Now, will  they?  Probably not.  Society has developed a rather cavalier attitude towards fuels.  Lots and lots of the stuff is wasted.  There is this scene in a film on Rommel where a recon plane makes a low pass over Rommel's staff car and the driver puts it into the field off the road and dives out.  Upon return, Rommel castigates the driver, saying:  "Hans, next time, shut off the engine.  Fuel is precious."  

Edited by Jan van Eck
  • Great Response! 1

Share this post


Link to post
Share on other sites

I am in California, visiting again, and paying over four dollars per gallon. This is another great place to take advantage of natural gas vehicles. 

Share this post


Link to post
Share on other sites

Just now, ronwagn said:

I am in California, visiting again, and paying over four dollars per gallon. This is another great place to take advantage of natural gas vehicles. 

California is best abandoned by intelligent people. 

Share this post


Link to post
Share on other sites

Just now, Jan van Eck said:

California is best abandoned by intelligent people. 

I lived half of my life in California and abandoned it for the cornfields of Illinois which is my wife's home state. I have enjoyed life a lot more there but have adult offspring and family in California. My nephew just moved his family to California, Missouri which is a small town near the State Capitol. He got 25 acres and a massive house for the price of an average sized home in California.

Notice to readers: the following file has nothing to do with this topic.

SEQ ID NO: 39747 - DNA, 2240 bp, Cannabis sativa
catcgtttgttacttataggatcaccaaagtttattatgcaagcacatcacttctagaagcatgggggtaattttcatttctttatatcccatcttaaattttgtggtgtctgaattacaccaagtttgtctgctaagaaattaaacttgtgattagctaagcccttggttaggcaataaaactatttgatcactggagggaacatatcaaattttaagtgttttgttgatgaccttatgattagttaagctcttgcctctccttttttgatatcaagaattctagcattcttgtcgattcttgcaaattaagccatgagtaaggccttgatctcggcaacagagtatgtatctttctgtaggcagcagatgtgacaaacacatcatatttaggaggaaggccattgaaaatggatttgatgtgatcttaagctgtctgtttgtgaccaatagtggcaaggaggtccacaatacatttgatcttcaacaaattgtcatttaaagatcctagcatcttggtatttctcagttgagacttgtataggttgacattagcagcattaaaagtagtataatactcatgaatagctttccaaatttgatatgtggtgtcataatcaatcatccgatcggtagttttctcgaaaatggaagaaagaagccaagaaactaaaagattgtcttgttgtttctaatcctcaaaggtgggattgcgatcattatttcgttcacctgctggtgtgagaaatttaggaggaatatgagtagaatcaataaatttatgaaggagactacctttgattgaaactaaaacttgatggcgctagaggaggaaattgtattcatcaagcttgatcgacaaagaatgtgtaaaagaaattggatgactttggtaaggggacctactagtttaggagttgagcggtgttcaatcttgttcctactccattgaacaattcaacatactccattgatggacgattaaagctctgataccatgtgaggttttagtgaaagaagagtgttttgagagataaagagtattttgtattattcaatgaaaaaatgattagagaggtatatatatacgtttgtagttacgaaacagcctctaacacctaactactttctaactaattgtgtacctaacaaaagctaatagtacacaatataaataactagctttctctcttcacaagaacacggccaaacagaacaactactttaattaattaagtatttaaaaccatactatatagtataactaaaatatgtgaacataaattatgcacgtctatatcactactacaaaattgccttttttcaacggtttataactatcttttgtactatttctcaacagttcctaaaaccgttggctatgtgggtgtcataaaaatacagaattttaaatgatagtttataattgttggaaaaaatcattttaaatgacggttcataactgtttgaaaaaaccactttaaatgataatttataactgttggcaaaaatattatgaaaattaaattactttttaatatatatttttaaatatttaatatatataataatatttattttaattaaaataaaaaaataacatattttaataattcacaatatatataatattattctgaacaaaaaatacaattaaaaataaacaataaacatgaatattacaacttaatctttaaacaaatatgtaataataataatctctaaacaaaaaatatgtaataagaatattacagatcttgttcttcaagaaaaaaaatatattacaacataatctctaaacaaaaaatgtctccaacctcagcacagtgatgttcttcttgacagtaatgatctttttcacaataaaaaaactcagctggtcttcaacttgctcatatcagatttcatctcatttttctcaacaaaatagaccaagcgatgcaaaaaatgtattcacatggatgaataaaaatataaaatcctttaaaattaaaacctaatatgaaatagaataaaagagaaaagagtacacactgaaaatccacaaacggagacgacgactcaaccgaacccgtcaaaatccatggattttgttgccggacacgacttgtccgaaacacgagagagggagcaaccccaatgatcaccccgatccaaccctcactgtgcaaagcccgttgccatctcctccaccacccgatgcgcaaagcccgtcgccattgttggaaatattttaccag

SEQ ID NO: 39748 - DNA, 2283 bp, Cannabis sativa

I have a small home on a great acre in Illinois but the liberals just took over again and things are getting worse fast. I also have two adult children in my town there. We will probably stick it out because of our age.  

California has great weather and is the most beautiful state in the Union. Northern Calfornia still has plenty of space to hide out in. The problem is the state government. 

Share this post


Link to post
Share on other sites

One other characteristic of adsorption is that it is selective, so it binds to methane (for example) but not H2S or CO2. Depending on the material, this could be used to separate mixtures and flush out impurities.

  • Like 1
  • Upvote 1

Share this post


Link to post
Share on other sites